) and poor erythroid colony growth in vitro
) suggest that even thiamine-replete erythroid progenitors are somewhat sensitive to the thiamine transport defect. Diabetes in TRMA patients has been variably reversible with thiamine. It is reasonable to conclude that the beta cells of the pancreas, or the target tissues, are of intermediate sensitivity to cellular thiamine deficiency. Other tissues, notably liver and muscles, which would be responsible for organic acidemia in severe thiamine deficiency, mus t be resistant to cell toxicity in the ambient thiamine concentration found in untreated patients with TRMA.
It is conceivable that deafness in patients with TRMA could be prevented by parenteral, early (even prenatal) thiamine therapy. Laforenza and colleagues (8
) have recently reported a thiamine uptake system from human intestinal biopsies (maximum rate in duodenum but present throughout the gut), with apparent Km
~4 μM. Whether this system is due to the same gene product defective in TRMA remains to be determined. The transport across the intestinal epithelium into the abluminal space was not measured. If either of these processes depends on the TRMA gene, it is possible that even pharmacologic doses of oral thiamine cannot provide supranormal levels of the vitamin in the blood and tissues. For cells with high energy requirements, this may not be sufficient in TRMA. We propose that if transintestinal transport is also defective in TRMA, patients may do substantially better if treated from birth (or even prenatally) with parenteral thiamine.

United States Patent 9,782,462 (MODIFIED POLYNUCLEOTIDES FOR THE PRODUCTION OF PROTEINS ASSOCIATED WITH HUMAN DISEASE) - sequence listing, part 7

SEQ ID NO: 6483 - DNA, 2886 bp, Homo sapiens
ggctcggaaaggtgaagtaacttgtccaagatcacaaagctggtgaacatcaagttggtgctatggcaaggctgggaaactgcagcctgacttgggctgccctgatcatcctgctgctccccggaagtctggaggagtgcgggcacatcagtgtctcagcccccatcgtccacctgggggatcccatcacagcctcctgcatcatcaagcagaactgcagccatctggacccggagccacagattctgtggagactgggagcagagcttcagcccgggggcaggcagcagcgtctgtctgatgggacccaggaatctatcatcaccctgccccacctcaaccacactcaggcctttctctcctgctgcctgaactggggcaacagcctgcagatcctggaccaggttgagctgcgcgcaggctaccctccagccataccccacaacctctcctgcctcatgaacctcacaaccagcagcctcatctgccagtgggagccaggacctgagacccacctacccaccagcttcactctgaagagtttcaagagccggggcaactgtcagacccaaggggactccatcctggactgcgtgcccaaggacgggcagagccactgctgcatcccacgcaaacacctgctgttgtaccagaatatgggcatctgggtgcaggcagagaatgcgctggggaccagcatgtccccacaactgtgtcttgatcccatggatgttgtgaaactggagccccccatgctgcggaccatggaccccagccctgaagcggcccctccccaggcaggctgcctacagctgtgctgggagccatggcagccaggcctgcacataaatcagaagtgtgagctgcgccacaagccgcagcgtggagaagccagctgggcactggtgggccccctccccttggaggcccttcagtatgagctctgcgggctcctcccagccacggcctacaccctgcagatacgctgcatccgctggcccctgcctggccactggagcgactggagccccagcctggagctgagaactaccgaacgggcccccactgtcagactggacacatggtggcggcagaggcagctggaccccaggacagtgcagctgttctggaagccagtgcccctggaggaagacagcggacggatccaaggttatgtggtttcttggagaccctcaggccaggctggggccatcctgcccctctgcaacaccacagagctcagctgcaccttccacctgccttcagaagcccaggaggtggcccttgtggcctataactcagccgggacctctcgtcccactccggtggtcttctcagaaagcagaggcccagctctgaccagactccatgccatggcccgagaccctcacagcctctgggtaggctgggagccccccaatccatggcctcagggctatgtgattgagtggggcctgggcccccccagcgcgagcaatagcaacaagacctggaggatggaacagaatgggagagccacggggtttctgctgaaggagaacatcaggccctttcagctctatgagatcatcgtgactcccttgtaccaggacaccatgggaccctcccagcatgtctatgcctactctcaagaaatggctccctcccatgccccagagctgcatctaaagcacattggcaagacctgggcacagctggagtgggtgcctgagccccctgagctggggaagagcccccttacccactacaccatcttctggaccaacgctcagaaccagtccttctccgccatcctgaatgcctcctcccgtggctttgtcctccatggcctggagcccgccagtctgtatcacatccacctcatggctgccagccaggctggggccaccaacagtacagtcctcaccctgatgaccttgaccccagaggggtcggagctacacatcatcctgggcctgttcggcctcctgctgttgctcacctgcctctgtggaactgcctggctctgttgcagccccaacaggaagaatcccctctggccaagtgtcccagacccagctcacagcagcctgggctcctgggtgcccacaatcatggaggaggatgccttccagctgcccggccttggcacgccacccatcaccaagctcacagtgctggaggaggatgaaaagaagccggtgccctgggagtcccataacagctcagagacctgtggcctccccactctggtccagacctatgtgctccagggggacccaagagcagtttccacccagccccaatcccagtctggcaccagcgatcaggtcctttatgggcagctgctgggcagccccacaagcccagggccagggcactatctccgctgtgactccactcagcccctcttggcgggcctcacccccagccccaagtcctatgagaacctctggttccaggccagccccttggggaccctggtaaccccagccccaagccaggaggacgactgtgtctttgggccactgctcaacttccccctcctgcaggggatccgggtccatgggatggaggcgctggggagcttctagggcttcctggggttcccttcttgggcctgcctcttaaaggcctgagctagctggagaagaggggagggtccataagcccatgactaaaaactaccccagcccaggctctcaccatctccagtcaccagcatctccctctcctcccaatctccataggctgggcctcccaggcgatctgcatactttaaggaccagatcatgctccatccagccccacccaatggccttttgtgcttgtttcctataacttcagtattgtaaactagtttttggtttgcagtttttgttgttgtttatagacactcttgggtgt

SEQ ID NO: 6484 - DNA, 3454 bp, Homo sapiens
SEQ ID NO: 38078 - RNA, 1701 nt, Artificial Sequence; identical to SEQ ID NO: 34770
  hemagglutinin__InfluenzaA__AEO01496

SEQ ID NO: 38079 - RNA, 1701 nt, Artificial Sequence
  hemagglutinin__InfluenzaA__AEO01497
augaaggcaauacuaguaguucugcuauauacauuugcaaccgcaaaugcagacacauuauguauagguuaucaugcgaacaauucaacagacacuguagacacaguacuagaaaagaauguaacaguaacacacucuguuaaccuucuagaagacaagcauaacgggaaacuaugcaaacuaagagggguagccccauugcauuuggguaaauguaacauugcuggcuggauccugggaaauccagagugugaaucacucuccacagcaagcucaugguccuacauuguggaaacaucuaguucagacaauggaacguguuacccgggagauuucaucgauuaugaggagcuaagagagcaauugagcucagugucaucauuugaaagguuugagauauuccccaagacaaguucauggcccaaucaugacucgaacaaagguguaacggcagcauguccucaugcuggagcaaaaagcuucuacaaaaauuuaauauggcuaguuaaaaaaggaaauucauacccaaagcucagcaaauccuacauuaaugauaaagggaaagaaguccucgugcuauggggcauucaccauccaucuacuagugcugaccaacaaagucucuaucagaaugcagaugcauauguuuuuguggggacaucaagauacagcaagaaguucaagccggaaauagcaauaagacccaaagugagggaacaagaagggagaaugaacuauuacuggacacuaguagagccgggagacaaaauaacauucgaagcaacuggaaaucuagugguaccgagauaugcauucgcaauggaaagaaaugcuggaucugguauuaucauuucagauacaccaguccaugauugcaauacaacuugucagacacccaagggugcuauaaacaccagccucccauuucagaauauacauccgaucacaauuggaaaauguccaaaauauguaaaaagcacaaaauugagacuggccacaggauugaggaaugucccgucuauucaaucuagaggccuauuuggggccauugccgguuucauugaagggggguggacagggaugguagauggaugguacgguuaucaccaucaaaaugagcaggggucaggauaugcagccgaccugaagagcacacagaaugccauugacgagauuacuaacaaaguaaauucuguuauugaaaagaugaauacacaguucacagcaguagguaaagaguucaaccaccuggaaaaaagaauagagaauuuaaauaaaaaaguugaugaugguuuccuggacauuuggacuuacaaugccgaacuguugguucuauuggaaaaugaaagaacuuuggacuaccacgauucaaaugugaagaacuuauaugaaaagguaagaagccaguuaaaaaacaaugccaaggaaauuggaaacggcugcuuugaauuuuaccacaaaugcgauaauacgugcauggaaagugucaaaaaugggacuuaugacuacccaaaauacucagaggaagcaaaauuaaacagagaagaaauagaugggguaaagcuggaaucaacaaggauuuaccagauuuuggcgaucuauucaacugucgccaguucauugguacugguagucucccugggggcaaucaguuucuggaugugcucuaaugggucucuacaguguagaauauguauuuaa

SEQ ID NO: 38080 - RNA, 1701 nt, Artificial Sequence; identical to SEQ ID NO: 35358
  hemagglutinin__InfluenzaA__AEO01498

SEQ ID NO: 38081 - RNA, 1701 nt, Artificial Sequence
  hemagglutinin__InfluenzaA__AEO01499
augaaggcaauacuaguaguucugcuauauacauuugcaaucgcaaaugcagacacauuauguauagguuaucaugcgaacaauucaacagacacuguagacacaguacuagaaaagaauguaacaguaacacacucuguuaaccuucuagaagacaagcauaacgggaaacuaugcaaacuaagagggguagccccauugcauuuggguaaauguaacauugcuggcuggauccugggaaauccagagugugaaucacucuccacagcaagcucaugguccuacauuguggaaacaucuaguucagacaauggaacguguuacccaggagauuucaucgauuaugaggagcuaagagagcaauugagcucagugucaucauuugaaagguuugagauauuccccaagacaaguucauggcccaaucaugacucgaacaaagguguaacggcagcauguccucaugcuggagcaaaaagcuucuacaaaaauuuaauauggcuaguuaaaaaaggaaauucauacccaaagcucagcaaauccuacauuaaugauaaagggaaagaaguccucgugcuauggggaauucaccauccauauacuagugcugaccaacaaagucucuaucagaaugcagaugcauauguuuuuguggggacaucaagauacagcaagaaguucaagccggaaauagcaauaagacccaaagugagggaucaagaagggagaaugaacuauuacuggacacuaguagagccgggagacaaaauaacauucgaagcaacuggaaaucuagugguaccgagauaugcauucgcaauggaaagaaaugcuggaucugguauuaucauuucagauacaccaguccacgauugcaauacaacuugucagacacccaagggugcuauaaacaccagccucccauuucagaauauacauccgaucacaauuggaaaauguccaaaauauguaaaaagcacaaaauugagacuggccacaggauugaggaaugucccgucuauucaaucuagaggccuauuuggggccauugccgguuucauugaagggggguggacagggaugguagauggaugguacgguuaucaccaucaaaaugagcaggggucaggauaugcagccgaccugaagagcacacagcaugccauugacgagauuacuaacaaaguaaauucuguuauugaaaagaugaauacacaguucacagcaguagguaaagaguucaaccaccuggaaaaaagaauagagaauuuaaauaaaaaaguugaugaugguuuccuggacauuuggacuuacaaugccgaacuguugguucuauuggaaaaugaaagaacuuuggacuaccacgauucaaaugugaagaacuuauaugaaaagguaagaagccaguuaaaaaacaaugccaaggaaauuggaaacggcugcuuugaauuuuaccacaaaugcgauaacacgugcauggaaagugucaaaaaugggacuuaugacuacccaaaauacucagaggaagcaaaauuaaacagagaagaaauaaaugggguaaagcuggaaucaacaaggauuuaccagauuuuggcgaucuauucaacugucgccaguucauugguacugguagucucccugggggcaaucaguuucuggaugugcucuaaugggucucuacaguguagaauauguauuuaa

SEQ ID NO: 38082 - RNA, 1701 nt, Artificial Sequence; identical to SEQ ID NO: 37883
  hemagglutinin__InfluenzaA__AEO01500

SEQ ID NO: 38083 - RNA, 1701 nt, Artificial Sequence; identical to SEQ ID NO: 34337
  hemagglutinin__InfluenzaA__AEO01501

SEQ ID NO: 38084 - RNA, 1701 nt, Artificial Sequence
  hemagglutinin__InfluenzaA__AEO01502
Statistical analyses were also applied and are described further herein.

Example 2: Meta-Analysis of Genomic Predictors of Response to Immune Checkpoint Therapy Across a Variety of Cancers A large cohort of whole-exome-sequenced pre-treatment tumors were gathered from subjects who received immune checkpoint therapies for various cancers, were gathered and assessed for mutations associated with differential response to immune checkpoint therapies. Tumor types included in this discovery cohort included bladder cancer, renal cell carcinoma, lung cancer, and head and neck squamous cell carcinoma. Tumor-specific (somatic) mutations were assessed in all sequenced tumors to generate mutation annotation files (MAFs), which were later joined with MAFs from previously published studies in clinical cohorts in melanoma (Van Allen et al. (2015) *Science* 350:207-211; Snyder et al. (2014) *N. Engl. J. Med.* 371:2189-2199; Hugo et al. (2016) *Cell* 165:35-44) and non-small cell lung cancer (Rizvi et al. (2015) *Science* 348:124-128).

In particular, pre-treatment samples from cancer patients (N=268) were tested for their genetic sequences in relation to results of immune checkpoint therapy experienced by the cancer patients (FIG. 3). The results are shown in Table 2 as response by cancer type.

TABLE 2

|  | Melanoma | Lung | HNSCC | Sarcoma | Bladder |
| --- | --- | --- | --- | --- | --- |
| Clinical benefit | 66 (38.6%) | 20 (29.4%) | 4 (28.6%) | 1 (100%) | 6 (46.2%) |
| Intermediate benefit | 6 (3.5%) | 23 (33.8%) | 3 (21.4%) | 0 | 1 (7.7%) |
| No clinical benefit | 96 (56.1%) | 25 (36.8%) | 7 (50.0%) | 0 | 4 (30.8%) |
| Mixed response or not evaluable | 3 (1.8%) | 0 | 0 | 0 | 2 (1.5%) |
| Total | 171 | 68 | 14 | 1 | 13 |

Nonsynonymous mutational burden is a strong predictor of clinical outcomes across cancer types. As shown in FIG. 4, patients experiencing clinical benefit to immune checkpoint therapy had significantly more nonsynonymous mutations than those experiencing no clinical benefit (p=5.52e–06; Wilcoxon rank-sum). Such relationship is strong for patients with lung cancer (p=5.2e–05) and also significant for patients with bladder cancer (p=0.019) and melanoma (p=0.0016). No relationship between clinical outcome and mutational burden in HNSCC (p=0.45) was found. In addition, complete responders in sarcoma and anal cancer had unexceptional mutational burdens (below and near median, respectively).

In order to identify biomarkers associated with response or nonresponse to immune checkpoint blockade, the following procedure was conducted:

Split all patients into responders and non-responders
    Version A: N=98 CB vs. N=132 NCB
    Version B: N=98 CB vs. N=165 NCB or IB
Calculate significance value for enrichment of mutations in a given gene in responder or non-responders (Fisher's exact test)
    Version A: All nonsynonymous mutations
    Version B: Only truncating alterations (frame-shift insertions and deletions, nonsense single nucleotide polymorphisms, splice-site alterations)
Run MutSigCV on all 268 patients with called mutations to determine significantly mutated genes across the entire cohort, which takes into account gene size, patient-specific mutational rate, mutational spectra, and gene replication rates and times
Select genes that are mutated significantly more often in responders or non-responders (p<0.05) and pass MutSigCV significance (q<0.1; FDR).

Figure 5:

It is not yet clear how the vitamin transport defect in TRMA is linked to programmed cell death. Matsushima et al
) recently reported apoptotic cell death in the thalamus of thiamine-deficient rats. This suggests that the phenomenon is not limited to TRMA. However, it does not clarify the relationship between cellular thiamine deficiency and activation of apoptosis pathways. Fibroblasts in thi– medium release organic acids expected from defects in the TPP requiring enzymes, i.e.